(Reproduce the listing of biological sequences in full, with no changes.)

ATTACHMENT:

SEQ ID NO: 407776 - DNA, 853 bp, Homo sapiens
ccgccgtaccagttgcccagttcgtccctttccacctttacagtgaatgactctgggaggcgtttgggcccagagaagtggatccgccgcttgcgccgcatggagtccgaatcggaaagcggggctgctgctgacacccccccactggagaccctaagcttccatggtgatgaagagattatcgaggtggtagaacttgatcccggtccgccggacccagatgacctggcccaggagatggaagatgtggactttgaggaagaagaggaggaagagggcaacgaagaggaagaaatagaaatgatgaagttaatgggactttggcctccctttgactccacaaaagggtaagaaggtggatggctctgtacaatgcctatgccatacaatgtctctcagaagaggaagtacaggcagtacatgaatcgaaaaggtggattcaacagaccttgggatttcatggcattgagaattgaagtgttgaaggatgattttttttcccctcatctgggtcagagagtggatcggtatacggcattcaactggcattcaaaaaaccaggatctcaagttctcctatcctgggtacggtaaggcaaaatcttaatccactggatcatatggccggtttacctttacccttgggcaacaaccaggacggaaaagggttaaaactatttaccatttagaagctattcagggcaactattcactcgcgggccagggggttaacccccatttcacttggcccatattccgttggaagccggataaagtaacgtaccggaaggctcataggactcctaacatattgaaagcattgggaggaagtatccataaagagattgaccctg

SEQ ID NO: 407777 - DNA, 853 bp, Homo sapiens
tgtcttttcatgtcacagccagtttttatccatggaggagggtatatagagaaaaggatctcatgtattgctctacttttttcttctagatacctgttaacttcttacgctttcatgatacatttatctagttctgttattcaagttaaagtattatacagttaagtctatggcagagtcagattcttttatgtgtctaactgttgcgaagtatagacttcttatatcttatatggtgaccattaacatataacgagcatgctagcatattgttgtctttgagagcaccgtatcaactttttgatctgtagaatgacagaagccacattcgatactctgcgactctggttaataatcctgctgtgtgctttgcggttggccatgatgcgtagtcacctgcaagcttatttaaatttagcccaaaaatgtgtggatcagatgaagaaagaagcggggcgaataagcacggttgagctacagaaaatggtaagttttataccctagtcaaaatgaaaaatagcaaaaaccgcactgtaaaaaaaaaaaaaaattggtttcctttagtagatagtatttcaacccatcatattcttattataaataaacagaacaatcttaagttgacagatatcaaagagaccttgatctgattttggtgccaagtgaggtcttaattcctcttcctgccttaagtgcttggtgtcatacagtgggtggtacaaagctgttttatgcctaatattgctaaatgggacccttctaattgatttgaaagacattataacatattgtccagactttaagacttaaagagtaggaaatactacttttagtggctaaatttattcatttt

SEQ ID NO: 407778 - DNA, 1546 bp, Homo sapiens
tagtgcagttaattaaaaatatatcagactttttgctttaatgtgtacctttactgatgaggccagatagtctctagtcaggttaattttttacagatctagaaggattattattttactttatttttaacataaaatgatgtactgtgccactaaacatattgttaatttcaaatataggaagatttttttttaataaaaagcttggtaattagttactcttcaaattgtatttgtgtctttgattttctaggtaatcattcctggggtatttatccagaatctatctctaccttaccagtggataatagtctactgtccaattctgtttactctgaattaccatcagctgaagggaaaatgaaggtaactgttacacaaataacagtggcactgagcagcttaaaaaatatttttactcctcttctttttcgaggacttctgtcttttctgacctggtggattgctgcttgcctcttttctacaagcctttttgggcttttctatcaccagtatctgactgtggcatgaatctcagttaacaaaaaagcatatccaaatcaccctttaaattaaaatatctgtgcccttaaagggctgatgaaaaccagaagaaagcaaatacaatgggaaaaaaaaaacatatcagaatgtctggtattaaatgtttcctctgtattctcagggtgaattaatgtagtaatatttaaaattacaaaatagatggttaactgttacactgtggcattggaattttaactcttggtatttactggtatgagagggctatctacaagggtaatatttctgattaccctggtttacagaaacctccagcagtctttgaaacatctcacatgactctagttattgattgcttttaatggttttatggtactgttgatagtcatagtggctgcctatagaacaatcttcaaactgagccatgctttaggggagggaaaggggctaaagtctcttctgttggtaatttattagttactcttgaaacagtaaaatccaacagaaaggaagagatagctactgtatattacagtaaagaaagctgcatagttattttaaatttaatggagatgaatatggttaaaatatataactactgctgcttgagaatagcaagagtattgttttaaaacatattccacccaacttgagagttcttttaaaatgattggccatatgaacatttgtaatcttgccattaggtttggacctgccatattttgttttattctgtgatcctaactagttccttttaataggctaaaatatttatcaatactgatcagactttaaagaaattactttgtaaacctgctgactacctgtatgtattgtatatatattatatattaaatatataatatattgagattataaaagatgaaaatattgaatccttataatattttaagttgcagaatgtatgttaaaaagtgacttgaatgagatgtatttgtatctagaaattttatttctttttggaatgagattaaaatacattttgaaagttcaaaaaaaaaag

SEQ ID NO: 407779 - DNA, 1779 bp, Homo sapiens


SEQ ID NO: 407776 - DNA, 853 bp, Homo sapiens
ccgccgtaccagttgcccagttcgtccctttccacctttacagtgaatgactctgggaggcgtttgggcccagagaagtggatccgccgcttgcgccgcatggagtccgaatcggaaagcggggctgctgctgacacccccccactggagaccctaagcttccatggtgatgaagagattatcgaggtggtagaacttgatcccggtccgccggacccagatgacctggcccaggagatggaagatgtggactttgaggaagaagaggaggaagagggcaacgaagaggaagaaatagaaatgatgaagttaatgggactttggcctccctttgactccacaaaagggtaagaaggtggatggctctgtacaatgcctatgccatacaatgtctctcagaagaggaagtacaggcagtacatgaatcgaaaaggtggattcaacagaccttgggatttcatggcattgagaattgaagtgttgaaggatgattttttttcccctcatctgggtcagagagtggatcggtatacggcattcaactggcattcaaaaaaccaggatctcaagttctcctatcctgggtacggtaaggcaaaatcttaatccactggatcatatggccggtttacctttacccttgggcaacaaccaggacggaaaagggttaaaactatttaccatttagaagctattcagggcaactattcactcgcgggccagggggttaacccccatttcacttggcccatattccgttggaagccggataaagtaacgtaccggaaggctcataggactcctaacatattgaaagcattgggaggaagtatccataaagagattgaccctg

SEQ ID NO: 407777 - DNA, 853 bp, Homo sapiens
tgtcttttcatgtcacagccagtttttatccatggaggagggtatatagagaaaaggatctcatgtattgctctacttttttcttctagatacctgttaacttcttacgctttcatgatacatttatctagttctgttattcaagttaaagtattatacagttaagtctatggcagagtcagattcttttatgtgtctaactgttgcgaagtatagacttcttatatcttatatggtgaccattaacatataacgagcatgctagcatattgttgtctttgagagcaccgtatcaactttttgatctgtagaatgacagaagccacattcgatactctgcgactctggttaataatcctgctgtgtgctttgcggttggccatgatgcgtagtcacctgcaagcttatttaaatttagcccaaaaatgtgtggatcagatgaagaaagaagcggggcgaataagcacggttgagctacagaaaatggtaagttttataccctagtcaaaatgaaaaatagcaaaaaccgcactgtaaaaaaaaaaaaaaattggtttcctttagtagatagtatttcaacccatcatattcttattataaataaacagaacaatcttaagttgacagatatcaaagagaccttgatctgattttggtgccaagtgaggtcttaattcctcttcctgccttaagtgcttggtgtcatacagtgggtggtacaaagctgttttatgcctaatattgctaaatgggacccttctaattgatttgaaagacattataacatattgtccagactttaagacttaaagagtaggaaatactacttttagtggctaaatttattcatttt

SEQ ID NO: 407778 - DNA, 1546 bp, Homo sapiens
tagtgcagttaattaaaaatatatcagactttttgctttaatgtgtacctttactgatgaggccagatagtctctagtcaggttaattttttacagatctagaaggattattattttactttatttttaacataaaatgatgtactgtgccactaaacatattgttaatttcaaatataggaagatttttttttaataaaaagcttggtaattagttactcttcaaattgtatttgtgtctttgattttctaggtaatcattcctggggtatttatccagaatctatctctaccttaccagtggataatagtctactgtccaattctgtttactctgaattaccatcagctgaagggaaaatgaaggtaactgttacacaaataacagtggcactgagcagcttaaaaaatatttttactcctcttctttttcgaggacttctgtcttttctgacctggtggattgctgcttgcctcttttctacaagcctttttgggcttttctatcaccagtatctgactgtggcatgaatctcagttaacaaaaaagcatatccaaatcaccctttaaattaaaatatctgtgcccttaaagggctgatgaaaaccagaagaaagcaaatacaatgggaaaaaaaaaacatatcagaatgtctggtattaaatgtttcctctgtattctcagggtgaattaatgtagtaatatttaaaattacaaaatagatggttaactgttacactgtggcattggaattttaactcttggtatttactggtatgagagggctatctacaagggtaatatttctgattaccctggtttacagaaacctccagcagtctttgaaacatctcacatgactctagttattgattgcttttaatggttttatggtactgttgatagtcatagtggctgcctatagaacaatcttcaaactgagccatgctttaggggagggaaaggggctaaagtctcttctgttggtaatttattagttactcttgaaacagtaaaatccaacagaaaggaagagatagctactgtatattacagtaaagaaagctgcatagttattttaaatttaatggagatgaatatggttaaaatatataactactgctgcttgagaatagcaagagtattgttttaaaacatattccacccaacttgagagttcttttaaaatgattggccatatgaacatttgtaatcttgccattaggtttggacctgccatattttgttttattctgtgatcctaactagttccttttaataggctaaaatatttatcaatactgatcagactttaaagaaattactttgtaaacctgctgactacctgtatgtattgtatatatattatatattaaatatataatatattgagattataaaagatgaaaatattgaatccttataatattttaagttgcagaatgtatgttaaaaagtgacttgaatgagatgtatttgtatctagaaattttatttctttttggaatgagattaaaatacattttgaaagttcaaaaaaaaaag

SEQ ID NO: 407779 - DNA, 1779 bp, Homo sapiens